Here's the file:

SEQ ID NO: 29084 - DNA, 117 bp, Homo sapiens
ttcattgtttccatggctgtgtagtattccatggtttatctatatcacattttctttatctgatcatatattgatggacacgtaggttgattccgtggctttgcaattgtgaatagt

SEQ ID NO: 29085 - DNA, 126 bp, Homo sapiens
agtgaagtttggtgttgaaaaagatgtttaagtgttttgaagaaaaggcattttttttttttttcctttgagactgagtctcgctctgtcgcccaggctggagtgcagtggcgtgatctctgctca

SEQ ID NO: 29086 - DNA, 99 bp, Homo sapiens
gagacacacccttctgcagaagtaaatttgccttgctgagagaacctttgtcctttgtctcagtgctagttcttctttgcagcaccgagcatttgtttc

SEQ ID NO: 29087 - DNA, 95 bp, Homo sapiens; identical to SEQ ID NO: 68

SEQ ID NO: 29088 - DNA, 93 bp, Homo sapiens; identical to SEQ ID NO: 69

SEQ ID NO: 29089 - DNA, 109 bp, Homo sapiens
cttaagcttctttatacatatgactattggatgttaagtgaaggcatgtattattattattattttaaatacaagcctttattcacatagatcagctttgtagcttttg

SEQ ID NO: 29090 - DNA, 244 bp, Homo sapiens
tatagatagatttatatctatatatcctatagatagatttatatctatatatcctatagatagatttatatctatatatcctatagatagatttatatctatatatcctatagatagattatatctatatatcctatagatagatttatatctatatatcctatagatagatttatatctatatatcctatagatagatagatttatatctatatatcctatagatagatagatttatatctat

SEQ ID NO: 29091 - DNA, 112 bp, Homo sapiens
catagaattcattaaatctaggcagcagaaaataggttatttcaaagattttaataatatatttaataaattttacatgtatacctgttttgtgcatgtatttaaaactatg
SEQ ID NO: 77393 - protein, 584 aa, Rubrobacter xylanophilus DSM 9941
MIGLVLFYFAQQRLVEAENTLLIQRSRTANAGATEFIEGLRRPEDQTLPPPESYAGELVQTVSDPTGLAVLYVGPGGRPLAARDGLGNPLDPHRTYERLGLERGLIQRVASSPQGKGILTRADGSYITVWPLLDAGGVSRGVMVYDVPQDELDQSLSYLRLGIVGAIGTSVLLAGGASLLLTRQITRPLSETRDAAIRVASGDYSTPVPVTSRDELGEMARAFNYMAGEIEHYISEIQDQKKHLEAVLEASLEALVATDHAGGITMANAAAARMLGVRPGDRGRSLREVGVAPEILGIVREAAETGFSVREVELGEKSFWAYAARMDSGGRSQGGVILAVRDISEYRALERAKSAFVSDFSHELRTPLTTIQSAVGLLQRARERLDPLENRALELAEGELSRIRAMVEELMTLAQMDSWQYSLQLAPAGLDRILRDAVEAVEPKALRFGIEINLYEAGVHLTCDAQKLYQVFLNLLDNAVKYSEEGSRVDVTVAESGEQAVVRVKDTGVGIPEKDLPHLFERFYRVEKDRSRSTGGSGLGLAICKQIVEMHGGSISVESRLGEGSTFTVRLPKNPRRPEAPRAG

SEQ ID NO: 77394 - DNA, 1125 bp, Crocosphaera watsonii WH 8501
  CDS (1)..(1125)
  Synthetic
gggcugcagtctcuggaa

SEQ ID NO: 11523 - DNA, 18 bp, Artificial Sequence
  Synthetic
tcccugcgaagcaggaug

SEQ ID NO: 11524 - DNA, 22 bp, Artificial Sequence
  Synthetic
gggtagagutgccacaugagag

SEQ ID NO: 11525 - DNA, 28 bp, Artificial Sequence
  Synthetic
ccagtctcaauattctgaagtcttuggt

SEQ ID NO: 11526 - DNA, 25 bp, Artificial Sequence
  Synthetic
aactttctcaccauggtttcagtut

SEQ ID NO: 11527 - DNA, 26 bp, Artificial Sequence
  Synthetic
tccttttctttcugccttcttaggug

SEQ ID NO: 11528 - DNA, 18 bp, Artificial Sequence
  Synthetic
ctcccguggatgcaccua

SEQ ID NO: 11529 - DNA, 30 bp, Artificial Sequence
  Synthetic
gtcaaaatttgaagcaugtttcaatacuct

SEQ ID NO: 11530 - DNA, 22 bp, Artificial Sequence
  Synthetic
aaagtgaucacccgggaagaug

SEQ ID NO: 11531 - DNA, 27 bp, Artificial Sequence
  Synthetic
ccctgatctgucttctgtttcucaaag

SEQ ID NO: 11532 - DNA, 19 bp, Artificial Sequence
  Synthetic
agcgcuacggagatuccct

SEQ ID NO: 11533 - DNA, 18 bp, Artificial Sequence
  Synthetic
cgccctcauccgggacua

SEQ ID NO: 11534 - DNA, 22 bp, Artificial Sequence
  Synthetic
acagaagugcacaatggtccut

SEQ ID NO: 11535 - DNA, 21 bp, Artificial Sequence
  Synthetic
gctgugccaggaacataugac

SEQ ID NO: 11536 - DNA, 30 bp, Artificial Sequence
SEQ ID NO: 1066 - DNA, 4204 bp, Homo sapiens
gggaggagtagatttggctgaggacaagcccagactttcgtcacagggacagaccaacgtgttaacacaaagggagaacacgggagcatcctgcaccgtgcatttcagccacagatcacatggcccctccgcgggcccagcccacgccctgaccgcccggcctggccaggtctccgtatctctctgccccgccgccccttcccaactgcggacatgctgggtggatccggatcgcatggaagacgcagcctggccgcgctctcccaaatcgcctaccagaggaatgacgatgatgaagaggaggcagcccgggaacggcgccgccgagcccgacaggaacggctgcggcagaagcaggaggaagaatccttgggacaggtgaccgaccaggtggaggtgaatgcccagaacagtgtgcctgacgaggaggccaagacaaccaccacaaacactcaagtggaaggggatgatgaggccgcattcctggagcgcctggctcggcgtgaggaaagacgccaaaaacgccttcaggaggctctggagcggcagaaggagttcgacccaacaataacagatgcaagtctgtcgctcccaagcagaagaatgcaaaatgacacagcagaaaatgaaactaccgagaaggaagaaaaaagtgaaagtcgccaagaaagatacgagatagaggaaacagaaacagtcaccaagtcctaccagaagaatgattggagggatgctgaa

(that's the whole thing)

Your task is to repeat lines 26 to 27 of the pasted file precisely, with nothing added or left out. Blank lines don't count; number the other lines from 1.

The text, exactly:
gggtagagutgccacaugagag

SEQ ID NO: 11525 - DNA, 28 bp, Artificial Sequence